TikTok trend about ‘being stuck in a forest’ with ‘a man or a bear’ yields strategic tips

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In a popular TikTok trend, a woman answers the question, “Who would you rather be stuck in the woods with, a man or a bear?”

Many women are quick to say that if they had to choose, it would be better to be with a bear.

The trend started on April 10th with a TikTok video posted by the “screenshotq” account. In the 29-second video, only one of the eight women questioned said she wanted to be with a man in the woods.

Everyone else chose the bear. One woman said, “Men are scary.”

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The issue continues to be debated on X (formerly Twitter), with some women saying people would believe them even if they were attacked by a bear.

“So men don’t understand why women want to see bears in the woods more than men. Listen, understand this: The worst things bears do is killing me. I can’t say the same about men.” posted user “@ItsMrsRabbitToU”.

A new TikTok trend that poses a hypothetical question has women sharing whether they would rather be trapped in the woods with a man or a bear. A lot of people say “bear,” but here’s what you need to know if it actually happens to you. (Idaho Department of Fish and Game)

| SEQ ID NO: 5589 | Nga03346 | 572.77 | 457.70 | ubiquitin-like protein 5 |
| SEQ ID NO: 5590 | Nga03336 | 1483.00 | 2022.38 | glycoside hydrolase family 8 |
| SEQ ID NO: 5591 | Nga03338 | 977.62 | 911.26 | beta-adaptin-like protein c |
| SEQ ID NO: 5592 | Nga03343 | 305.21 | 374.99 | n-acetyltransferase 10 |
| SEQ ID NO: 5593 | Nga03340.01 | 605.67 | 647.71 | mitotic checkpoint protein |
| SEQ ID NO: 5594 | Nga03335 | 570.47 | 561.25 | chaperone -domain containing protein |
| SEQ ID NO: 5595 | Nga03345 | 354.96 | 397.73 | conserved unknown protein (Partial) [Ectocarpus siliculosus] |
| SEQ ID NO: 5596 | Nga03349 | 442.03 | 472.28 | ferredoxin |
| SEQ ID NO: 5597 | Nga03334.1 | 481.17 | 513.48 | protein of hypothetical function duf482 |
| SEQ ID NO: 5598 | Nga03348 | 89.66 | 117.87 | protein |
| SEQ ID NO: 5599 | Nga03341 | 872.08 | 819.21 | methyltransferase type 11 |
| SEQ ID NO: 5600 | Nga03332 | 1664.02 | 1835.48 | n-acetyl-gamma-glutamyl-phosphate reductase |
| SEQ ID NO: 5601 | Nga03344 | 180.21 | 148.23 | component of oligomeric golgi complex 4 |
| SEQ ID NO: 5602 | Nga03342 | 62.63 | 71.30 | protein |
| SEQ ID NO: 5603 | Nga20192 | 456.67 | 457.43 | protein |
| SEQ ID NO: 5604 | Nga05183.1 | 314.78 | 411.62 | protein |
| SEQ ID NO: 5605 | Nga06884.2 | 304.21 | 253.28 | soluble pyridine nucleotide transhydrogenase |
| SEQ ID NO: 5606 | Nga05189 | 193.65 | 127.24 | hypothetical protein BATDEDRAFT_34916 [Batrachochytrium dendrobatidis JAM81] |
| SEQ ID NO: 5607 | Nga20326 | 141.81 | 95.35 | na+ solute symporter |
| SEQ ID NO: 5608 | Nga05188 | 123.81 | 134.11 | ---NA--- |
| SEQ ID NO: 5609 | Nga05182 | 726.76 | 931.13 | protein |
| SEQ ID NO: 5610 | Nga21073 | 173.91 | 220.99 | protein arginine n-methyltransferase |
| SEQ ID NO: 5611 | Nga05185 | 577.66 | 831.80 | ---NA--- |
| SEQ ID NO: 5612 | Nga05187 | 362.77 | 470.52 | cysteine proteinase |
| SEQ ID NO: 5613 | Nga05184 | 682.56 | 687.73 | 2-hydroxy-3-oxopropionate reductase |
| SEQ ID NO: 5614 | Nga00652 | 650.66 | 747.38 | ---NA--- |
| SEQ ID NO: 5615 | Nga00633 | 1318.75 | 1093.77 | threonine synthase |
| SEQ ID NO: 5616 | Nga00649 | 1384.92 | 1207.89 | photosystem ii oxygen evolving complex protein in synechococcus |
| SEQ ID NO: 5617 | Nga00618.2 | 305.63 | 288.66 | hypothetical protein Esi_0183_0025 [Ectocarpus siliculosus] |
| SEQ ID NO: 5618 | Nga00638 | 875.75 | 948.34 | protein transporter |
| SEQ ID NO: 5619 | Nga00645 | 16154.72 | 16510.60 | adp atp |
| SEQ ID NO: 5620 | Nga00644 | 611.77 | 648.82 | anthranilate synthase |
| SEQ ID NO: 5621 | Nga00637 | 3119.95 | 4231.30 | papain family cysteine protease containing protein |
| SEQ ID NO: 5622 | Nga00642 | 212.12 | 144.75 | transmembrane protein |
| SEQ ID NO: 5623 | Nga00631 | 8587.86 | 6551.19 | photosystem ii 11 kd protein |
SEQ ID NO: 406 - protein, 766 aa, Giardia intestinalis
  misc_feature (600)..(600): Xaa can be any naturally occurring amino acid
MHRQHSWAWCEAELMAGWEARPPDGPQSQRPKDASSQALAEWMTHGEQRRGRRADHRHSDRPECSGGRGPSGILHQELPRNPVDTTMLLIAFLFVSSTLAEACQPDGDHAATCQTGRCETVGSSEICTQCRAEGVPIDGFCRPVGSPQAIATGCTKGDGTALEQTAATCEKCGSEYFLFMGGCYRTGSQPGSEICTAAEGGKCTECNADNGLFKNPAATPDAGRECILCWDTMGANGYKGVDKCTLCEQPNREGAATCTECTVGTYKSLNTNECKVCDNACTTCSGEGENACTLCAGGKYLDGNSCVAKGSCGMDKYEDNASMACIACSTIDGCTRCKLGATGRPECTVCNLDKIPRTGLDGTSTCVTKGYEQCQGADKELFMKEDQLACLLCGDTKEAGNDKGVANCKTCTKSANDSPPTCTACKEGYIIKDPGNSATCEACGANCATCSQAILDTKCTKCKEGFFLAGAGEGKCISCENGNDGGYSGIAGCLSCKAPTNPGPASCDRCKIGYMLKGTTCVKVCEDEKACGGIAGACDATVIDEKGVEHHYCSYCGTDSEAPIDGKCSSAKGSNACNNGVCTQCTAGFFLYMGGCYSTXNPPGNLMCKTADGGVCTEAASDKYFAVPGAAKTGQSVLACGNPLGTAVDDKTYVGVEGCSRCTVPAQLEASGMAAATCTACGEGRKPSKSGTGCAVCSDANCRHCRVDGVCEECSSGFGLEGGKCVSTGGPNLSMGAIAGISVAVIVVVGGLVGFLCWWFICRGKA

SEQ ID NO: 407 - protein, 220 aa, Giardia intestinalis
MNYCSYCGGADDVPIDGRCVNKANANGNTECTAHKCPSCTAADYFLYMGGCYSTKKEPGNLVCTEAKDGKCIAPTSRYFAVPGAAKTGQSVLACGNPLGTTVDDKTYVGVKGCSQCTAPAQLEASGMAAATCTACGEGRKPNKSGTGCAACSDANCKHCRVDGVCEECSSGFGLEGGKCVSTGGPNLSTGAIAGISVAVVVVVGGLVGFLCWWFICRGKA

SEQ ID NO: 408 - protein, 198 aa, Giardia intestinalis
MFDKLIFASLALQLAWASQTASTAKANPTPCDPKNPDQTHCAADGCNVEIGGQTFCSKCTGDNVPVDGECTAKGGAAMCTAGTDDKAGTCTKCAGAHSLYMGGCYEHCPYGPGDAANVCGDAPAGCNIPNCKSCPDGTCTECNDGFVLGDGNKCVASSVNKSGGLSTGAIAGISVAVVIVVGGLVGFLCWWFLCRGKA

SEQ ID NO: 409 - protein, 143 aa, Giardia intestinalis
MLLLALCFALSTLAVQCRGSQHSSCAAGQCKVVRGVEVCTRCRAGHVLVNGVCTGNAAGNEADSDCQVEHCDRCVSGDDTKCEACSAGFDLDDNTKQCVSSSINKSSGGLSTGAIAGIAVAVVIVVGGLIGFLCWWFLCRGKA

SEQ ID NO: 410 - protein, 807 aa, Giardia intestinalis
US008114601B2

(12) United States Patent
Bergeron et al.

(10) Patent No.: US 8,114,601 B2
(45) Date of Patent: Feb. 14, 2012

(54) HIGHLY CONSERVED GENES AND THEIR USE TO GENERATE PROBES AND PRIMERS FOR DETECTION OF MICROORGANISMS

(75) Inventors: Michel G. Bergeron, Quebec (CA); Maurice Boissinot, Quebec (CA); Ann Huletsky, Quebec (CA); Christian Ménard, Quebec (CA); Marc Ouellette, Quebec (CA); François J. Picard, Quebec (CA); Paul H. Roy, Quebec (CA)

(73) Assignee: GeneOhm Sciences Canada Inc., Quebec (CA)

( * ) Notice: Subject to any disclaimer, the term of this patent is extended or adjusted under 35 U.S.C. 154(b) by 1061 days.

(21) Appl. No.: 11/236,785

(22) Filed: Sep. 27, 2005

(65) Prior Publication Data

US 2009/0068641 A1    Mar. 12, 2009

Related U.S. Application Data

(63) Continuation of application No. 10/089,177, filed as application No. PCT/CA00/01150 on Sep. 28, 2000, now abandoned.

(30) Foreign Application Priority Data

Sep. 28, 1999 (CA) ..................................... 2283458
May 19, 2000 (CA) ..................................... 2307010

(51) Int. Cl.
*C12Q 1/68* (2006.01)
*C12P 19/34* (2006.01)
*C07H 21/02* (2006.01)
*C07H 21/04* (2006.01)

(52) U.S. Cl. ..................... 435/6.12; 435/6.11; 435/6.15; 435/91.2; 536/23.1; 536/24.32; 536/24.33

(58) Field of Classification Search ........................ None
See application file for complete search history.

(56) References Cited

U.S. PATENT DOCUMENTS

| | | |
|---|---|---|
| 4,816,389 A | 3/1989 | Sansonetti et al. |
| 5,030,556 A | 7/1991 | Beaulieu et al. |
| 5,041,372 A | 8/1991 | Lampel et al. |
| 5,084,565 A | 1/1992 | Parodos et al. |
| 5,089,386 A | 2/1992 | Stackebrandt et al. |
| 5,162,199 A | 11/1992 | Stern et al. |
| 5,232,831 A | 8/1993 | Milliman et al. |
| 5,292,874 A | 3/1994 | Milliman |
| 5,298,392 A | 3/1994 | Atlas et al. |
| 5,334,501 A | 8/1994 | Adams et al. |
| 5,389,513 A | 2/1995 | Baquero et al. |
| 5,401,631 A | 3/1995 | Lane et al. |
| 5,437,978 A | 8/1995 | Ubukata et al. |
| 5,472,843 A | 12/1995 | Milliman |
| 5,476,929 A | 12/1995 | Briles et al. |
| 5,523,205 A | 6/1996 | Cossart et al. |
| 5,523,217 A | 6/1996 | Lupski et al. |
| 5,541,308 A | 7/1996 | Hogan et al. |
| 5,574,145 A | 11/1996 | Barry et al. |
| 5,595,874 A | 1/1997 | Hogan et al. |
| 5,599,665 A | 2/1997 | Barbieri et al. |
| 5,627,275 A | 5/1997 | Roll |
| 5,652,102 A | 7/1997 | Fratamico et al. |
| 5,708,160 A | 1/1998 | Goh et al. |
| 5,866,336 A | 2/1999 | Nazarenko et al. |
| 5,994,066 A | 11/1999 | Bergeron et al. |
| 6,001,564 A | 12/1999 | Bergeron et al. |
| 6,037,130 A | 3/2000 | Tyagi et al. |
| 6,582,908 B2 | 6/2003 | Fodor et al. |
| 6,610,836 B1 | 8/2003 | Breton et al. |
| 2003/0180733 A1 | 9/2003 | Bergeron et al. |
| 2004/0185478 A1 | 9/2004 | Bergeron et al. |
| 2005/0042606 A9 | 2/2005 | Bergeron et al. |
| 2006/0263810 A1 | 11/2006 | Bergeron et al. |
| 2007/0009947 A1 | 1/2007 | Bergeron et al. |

But how dangerous are bears in the woods, really?

And what should people do to stay safe regardless of the species they might encounter?

The National Park Service (NPS) says, “Most bears don’t want to attack you. They usually just want to be left alone.” Stay calm if a bear notices you. I encourage you to do so.

However, there are some important strategies you should know.

‘Are they harmless?’ Not exactly’

“Long story short, I never felt ‘threatened’ by bears,” Emma Rosset, a Florida-based backpacking guide with Valiant Outfitters, told Fox News Digital.

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“I’ve had close encounters with bears more times than I can count,” said Rosset, a mother of four.

However, while she was in the forest, she was never threatened by a bear, but she did get “surprised.”

“They deserve respect and space, but fear? No.”

“Are they harmless? Not exactly. They deserve respect and space, but they don’t deserve to be feared. No,” she said.

The key to safe hiking is being prepared for any encounter, bear or not, she says.